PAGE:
“I don’t think anyone is afraid of them,” Brown said. “But you run campaigns to win, and in the case of Sen. Durbin’s calls and the Carrigan calls and the Duckworth calls we made, it is to support party activists who are running to win. We’re not afraid of anybody.”
Mazzotti declined to return messages seeking a comment.
Rep. John Shimkus, R-Collinsville, whose 15th Congressional District includes Danville, Rantoul, Tuscola, Paris and points south, continues to pile up campaign cash. And to disburse it.
Shimkus’ campaign fund reported $84,772 in contributions during January and February — $81,000 of it from political action committee like the NRA ($2,000); and Speaker Paul Ryan’s Prosperity Action Inc., the Action Committee for Rural Electrification, the National Cable and Telecommunications Association, Select Medical Corp. and Southern Companies, $5,000 each.
And he passed those contributions on to other Republicans and party committees: $50,000 to the Illinois Republican Party, $15,000 to the National Republican Congressional Committee, and $2,000 donations to Illinois congressional colleagues Rodney Davis, Mike Bost, Randy Hultgren, Adam Kinzinger, Darin LaHood and Peter Roskam.
After all that, Shimkus had a little more than $1 million in his campaign fund on Feb. 28.
Former Illinois Gov. Jim Edgar has endorsed Randy Keith for state representative in the 101st House District. Keith, the chairman of the Piatt County Board, is running against Dan Caulkins and Todd Henricks in the Republican Party primary.
Rep. Bill Mitchell, R-Forsyth, is not running for re-election in the 101st.
“Today, we’re seeing more screaming, shouting and blame and not nearly enough cooperation,” Edgar said. “Randy Keith is someone I’m confident can get things done in Springfield. He’ll work for common-sense policies and reform and focus on results, not partisanship.”
County board endorsements
The Champaign County AFL-CIO has made endorsements in two county board Democratic primary races: Mike Ingram in District 6 and Tanisha King-Taylor in District 10.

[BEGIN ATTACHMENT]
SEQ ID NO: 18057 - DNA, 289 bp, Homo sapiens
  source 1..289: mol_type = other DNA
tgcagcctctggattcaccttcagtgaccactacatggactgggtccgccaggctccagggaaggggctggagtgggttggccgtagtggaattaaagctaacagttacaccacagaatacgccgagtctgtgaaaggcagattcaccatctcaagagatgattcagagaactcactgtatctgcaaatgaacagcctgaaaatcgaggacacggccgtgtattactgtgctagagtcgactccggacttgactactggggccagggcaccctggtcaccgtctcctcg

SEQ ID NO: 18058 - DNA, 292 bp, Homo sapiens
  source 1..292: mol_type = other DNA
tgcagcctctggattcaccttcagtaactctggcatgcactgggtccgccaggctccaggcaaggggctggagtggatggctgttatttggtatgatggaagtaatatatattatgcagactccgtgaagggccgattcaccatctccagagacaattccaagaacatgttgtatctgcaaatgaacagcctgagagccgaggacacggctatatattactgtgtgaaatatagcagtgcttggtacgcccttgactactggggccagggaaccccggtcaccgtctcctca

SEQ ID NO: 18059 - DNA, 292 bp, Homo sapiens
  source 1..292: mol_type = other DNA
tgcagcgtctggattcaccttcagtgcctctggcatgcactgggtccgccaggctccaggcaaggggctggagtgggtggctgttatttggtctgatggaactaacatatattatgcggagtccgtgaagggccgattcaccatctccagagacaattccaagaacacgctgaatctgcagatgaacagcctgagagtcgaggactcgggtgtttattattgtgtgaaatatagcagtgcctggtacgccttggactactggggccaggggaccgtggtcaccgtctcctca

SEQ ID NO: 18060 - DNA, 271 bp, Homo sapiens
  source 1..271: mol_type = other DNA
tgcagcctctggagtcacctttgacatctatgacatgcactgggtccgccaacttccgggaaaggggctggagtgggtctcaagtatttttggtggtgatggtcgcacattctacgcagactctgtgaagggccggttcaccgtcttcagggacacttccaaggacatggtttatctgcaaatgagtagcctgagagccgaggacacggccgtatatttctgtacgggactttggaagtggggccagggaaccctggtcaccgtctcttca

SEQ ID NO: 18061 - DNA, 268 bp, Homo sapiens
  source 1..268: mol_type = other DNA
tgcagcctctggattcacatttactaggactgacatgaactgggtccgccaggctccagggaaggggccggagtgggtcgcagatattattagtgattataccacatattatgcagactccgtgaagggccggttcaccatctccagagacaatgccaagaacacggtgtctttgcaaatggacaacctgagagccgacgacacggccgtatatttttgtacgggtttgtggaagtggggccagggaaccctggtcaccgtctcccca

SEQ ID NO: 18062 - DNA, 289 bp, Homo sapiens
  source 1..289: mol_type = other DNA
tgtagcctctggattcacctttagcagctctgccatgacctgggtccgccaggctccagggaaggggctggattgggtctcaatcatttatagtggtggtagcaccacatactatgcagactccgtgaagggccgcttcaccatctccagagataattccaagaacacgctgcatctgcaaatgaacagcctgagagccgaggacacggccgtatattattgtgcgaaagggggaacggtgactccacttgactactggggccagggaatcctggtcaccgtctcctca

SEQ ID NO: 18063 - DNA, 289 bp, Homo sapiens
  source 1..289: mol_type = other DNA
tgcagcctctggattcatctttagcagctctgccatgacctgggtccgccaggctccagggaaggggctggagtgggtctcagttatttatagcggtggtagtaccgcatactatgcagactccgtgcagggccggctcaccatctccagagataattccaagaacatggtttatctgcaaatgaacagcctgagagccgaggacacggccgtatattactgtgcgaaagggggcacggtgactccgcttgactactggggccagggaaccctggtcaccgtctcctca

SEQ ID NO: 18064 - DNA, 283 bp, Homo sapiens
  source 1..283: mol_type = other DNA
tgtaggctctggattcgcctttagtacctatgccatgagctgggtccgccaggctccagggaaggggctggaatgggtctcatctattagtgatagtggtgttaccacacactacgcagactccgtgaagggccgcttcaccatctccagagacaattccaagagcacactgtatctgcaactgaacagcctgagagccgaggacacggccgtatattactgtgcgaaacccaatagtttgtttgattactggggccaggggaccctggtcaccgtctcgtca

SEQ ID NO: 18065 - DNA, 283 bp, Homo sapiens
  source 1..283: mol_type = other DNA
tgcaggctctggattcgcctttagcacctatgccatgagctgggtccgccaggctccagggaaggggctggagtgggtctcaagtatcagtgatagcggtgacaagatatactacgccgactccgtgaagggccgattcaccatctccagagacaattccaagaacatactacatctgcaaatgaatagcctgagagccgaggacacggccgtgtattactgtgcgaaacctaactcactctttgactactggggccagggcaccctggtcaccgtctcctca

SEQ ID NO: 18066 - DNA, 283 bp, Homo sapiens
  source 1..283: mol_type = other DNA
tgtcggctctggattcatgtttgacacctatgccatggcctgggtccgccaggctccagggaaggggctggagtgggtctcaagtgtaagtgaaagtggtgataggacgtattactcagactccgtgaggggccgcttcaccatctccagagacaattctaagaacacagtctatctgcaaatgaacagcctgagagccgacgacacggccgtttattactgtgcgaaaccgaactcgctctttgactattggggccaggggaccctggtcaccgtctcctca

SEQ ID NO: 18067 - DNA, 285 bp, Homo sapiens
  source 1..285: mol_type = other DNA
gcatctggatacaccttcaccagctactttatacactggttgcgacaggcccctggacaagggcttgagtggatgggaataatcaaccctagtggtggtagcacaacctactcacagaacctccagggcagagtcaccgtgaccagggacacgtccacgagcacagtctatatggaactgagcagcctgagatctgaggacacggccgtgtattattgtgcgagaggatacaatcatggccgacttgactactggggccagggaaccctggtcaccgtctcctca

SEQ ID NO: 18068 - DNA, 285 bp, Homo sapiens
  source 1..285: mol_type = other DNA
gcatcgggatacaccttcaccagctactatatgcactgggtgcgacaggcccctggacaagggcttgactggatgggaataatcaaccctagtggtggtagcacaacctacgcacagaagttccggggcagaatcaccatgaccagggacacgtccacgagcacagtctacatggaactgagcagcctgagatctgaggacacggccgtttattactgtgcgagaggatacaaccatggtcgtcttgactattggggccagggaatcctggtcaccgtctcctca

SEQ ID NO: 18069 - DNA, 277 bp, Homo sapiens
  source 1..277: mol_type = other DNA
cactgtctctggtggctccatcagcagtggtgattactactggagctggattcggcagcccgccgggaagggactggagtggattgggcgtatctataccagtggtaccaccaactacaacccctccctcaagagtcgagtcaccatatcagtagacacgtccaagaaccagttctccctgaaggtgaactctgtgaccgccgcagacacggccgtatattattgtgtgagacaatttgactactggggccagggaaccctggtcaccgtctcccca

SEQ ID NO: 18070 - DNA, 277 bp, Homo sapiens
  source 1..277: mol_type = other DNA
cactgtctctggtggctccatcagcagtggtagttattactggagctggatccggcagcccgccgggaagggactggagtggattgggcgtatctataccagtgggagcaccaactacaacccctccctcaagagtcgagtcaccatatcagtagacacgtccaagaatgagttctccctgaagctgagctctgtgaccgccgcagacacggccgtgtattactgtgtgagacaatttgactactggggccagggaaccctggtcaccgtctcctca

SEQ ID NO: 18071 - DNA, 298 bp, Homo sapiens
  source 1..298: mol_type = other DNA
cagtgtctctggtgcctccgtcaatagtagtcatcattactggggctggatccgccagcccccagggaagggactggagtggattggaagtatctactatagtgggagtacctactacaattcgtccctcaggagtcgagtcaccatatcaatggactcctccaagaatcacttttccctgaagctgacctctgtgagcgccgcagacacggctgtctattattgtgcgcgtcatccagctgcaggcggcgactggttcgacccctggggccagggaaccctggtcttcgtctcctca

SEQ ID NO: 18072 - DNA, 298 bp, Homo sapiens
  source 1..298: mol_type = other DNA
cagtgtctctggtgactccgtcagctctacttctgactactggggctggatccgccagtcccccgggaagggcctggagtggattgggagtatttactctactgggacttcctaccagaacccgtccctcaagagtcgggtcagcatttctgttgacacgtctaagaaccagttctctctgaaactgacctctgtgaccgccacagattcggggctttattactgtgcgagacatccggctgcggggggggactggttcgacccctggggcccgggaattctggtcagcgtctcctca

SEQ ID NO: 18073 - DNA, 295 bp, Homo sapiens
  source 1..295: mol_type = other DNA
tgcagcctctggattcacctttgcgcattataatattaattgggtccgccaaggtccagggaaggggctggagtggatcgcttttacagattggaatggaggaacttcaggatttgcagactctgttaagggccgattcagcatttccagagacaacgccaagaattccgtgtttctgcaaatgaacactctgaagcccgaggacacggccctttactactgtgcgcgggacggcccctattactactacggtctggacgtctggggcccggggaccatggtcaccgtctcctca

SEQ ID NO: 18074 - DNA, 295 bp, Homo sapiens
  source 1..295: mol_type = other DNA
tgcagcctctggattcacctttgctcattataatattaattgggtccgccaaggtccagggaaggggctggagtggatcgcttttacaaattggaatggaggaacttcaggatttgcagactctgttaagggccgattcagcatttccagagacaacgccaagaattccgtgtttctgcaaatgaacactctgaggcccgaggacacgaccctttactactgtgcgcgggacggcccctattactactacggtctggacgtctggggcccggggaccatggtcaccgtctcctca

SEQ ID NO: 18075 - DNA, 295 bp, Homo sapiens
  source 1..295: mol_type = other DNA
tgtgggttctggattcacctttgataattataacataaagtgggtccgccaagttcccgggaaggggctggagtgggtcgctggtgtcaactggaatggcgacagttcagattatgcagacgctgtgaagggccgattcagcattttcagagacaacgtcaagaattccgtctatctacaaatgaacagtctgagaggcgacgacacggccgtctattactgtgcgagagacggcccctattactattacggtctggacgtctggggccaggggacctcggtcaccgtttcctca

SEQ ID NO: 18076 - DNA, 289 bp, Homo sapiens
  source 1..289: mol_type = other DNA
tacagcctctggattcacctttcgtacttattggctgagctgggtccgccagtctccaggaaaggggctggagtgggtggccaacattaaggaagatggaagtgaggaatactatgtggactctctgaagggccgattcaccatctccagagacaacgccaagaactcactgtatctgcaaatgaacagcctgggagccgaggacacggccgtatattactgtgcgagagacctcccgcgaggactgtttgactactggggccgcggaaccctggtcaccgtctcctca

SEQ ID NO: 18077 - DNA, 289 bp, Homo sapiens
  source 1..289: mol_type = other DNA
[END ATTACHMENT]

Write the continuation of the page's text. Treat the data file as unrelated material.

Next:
King-Taylor also was endorsed by the Champaign County Young Democrats.
— U.S. Rep. Rodney Davis, R-Taylorville, reported $28,900 in campaign contributions on Tuesday, including $1,000 from the office of the commissioner of Major League Baseball. He also got $4,900 from ABATE Illinois, an advocacy group for motorcyclists; $2,500 from the Asian-American Hotel Owner Association; and $2,000 from Old Dominion Freight Line, International Paper and the Union Pacific Corp.
— Mary Henson, the wife of basketball coaching legend Lou Henson, has contributed $1,000 to Citizens for Rauner.
— Retired Champaign County Judge Harold Jensen gave $1,000 to the campaign of Judge Randy Rosenbaum. And another retired judge, Chase Leonhard, gave $1,000 to the campaign of Rosenbaum’s opponent, Sami Anderson.
— The Monticello Area Education Foundation has given $1,000 to the campaign to approve a $29.8 million building bonds tax increase next week. The Students First for Monticello pro-bond issue group has received $4,000 in itemized contributions.
Tom Kacich is a News-Gazette reporter and columnist. His column appears on Wednesdays and Sundays. He can be reached at 351-5221 or at firstname.lastname@example.org.